Tuberculosis: A local, global problem

Friday, March 28, 2014

A new study published in the journal Lancet found that drug-resistant tuberculosis (TB) infects as many as 32,000 children globally.

"Overall, as many as 1 million children become sick with TB each year, about twice the number previously thought, and of these, only a third of the cases are ever diagnosed, the study found," Reuters reported.

The study was published World Tuberculosis Day, which aims to raise awareness of the issue and the status of prevention.

The World Health Organization estimates “that half a million people caught drug-resistant ‘superbug’ strains of TB in 2012, and that about 2 million people could contract it by 2015,” Time magazine reported. A study by  researchers from Brigham and Women’s Hospital’s Division of Global Health Equity stated,  “The researchers went through several databases to determine a more accurate number of children with TB, since the disease in kids is known to be underreported.”

Recent TB Scare In Local High School 

Possible exposure to TB prompted health and school officials to make TB testing available earlier this week for more than 100 students and staff members at a Gaithersburg, Md., high school. The Washington Post reported that 126 people at Watkins Mill High School “were in classes or after-school activities with the infected person from October 2013 to January, officials said.”

Once a leading cause of death in the United States, TB is curable and preventable. Caused by bacteria called Mycobacterium tuberculosis, TB targets the lungs, but may spread to other organs such as the kidney, spine, and brain.

It is spread from person to person through the air, according to Children’s National Health System infectious disease specialist David Hyun, MD. It can be transmitted by droplets from infected people when they cough, sneeze, speak or sing, for example.

“For most children older than 4 years of age and adults, there can be a considerable lag time between time of infection of TB  and development of disease, which can be anywhere from months to years,” Dr. Hyun said. The period between exposure and the disease development is referred to as the latent period.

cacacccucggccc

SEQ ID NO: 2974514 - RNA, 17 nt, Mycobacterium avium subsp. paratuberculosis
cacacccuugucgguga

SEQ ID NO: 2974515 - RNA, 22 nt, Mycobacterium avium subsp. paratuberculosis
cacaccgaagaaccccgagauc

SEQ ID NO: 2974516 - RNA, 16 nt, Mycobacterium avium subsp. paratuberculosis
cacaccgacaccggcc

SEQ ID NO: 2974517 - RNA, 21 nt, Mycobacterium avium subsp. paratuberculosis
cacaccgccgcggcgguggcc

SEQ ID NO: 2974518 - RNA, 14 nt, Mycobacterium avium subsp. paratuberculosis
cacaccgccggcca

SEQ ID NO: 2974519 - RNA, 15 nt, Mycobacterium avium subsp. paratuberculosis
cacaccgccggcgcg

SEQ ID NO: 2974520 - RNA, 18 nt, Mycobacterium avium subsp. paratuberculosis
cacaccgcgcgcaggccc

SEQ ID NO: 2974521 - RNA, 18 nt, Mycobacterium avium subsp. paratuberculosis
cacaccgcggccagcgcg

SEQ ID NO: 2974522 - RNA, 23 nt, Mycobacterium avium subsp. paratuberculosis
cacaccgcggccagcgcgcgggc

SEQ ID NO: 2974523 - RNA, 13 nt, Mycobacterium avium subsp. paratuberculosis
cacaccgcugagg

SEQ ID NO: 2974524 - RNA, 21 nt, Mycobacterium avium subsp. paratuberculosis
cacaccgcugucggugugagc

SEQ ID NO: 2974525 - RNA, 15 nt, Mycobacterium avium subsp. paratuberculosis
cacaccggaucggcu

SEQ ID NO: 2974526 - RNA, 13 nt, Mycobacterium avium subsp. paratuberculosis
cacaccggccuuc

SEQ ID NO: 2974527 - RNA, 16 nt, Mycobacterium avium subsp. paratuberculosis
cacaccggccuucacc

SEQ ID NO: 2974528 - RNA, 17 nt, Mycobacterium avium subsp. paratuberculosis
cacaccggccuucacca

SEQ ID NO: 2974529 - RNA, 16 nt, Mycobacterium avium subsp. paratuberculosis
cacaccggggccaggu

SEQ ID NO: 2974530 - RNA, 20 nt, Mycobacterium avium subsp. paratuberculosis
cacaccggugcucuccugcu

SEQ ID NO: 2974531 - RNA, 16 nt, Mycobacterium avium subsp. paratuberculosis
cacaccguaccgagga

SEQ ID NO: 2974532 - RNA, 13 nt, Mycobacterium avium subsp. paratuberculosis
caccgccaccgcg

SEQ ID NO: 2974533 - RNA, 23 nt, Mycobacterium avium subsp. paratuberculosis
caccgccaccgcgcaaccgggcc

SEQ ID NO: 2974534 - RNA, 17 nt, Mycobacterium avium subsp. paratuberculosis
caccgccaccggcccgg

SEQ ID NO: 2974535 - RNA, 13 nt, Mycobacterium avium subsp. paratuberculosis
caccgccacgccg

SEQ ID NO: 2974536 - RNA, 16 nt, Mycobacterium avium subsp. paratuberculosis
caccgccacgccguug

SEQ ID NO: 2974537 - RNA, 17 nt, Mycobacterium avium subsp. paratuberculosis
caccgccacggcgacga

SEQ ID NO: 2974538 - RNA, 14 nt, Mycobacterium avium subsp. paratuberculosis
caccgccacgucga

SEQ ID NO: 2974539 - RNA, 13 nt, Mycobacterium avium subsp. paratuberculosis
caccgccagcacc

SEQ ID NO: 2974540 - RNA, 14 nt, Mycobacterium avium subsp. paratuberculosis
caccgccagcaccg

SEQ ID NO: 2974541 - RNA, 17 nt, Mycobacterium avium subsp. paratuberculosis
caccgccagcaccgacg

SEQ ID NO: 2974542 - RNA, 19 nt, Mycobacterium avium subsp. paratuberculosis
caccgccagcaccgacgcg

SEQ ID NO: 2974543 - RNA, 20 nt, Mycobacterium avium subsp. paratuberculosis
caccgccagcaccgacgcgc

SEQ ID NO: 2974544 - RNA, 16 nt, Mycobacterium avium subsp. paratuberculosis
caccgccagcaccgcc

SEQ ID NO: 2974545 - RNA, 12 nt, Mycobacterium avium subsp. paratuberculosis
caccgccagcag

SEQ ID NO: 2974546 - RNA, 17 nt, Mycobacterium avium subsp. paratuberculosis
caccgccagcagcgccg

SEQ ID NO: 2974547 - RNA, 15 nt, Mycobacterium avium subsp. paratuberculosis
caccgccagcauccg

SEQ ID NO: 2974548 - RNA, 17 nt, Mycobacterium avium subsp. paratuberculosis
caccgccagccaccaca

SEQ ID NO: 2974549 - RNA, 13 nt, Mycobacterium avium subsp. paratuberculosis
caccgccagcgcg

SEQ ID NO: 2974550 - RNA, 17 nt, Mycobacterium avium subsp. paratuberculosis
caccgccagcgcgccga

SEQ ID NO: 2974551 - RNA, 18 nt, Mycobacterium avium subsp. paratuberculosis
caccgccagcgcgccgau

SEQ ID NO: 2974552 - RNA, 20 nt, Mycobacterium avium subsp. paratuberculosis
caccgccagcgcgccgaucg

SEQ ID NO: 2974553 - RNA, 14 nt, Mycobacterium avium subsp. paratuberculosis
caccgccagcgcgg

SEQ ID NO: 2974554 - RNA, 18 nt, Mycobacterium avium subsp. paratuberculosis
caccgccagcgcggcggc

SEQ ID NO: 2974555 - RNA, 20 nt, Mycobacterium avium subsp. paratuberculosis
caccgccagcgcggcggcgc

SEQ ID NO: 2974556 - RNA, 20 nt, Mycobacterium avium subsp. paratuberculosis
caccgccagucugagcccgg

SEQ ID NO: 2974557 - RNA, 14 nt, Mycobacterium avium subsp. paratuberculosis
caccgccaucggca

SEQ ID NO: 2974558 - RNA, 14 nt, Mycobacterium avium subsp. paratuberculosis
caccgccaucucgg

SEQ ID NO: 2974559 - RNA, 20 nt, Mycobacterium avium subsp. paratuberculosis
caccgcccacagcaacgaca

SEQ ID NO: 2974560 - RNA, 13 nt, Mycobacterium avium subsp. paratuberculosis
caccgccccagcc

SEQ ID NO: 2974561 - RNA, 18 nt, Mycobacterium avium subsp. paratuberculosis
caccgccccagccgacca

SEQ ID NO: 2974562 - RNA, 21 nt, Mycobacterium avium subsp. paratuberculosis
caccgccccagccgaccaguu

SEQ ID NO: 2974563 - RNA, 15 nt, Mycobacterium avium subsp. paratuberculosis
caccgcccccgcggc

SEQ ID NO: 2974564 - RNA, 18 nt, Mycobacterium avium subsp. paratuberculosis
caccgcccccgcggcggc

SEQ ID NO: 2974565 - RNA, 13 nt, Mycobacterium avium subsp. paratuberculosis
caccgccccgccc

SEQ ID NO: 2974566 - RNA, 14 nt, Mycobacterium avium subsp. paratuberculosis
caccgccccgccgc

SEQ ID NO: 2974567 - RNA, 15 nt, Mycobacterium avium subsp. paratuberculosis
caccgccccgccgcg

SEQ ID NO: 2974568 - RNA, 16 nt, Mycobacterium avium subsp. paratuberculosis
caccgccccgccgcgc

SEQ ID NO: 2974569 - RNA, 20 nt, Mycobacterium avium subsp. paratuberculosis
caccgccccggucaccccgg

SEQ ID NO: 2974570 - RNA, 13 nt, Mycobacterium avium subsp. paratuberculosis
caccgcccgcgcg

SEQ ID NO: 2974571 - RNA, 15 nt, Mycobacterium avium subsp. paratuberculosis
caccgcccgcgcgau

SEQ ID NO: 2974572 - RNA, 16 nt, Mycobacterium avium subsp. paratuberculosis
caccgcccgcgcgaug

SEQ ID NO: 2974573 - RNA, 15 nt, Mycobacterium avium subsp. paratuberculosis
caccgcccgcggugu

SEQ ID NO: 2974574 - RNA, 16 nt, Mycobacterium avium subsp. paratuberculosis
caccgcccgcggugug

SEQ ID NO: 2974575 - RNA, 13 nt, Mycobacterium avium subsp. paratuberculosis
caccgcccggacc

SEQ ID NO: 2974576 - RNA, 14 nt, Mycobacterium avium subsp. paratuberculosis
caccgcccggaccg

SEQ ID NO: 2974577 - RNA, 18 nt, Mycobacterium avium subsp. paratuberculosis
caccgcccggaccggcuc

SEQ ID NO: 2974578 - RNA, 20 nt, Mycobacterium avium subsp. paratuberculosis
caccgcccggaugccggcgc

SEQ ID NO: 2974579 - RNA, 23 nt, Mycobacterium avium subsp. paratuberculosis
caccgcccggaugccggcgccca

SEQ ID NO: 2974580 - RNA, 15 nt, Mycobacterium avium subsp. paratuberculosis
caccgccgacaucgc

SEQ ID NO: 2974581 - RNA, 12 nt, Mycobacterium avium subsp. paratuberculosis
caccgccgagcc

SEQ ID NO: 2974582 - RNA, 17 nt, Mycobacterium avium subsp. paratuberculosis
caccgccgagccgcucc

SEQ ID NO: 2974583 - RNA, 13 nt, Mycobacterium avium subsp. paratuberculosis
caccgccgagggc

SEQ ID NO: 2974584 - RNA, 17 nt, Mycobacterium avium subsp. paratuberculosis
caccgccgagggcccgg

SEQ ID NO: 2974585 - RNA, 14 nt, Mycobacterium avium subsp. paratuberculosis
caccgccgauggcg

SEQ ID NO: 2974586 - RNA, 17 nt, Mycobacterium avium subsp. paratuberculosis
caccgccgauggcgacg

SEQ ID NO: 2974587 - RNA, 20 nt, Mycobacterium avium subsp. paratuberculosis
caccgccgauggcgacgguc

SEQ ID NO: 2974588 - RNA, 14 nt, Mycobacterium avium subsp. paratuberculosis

“In younger children, this interval can be a lot shorter, which is why it's all the more important to identify potentially exposed subjects early so that preventive measures can be put in place to prevent TB disease,” said Dr. Hyun.

Stages of TB 

Exposure occurs when someone is exposed to or comes into contact with a person who may be infected.

Latent TB infection means they have the bacteria in their body, but it doesn’t make them sick; they may have a positive skin test, but a normal chest X-ray, and no illness.

Most people fight TB before it grows and becomes TB disease.  Having the disease means bacteria are active or multiplying in the body. Someone with the active infection will have a positive skin test, a positive chest X-ray detecting TB, and they might become sick.

“Latent infections are asymptomatic and usually treated with a single antibiotic to prevent development of symptomatic TB disease. If latent infections progress without treatment it can lead to most commonly pulmonary TB which exhibits as chronic coughing, fevers, night sweats, and weight loss,” Dr. Hyun said.

Symptoms of TB 

The symptoms may resemble other lung conditions or medical problems and they differ depending on the child’s age, so consult your child's doctor for a diagnosis.

In children, common symptoms are:

  • Fever
  • Decrease in weight
  • Night sweats
  • Cough
  • Chills
  • Enlarged lymph nodes

In adolescents, common symptoms are:

  • Cough that lasts greater than three weeks
  • Cough
  • Chest pain
  • Blood in their sputum (phlegm)
  • Fatigue
  • Weight loss
  • Decrease in appetite
  • Fever
  • Night sweats

“For anyone who has been exposed to a documented case of TB disease, it is important to have either a PPD skin testing (all age groups) or an interferon-gamma release assays from the blood (for children older than 4 years),” Dr. Hyun said.

“The most important steps for families to take is if they have been notified of a exposure in the household or school, to make sure to follow the public health agency's (health department) instructions on obtaining the screening tests or contacting their pediatrician,” Dr. Hyun said.


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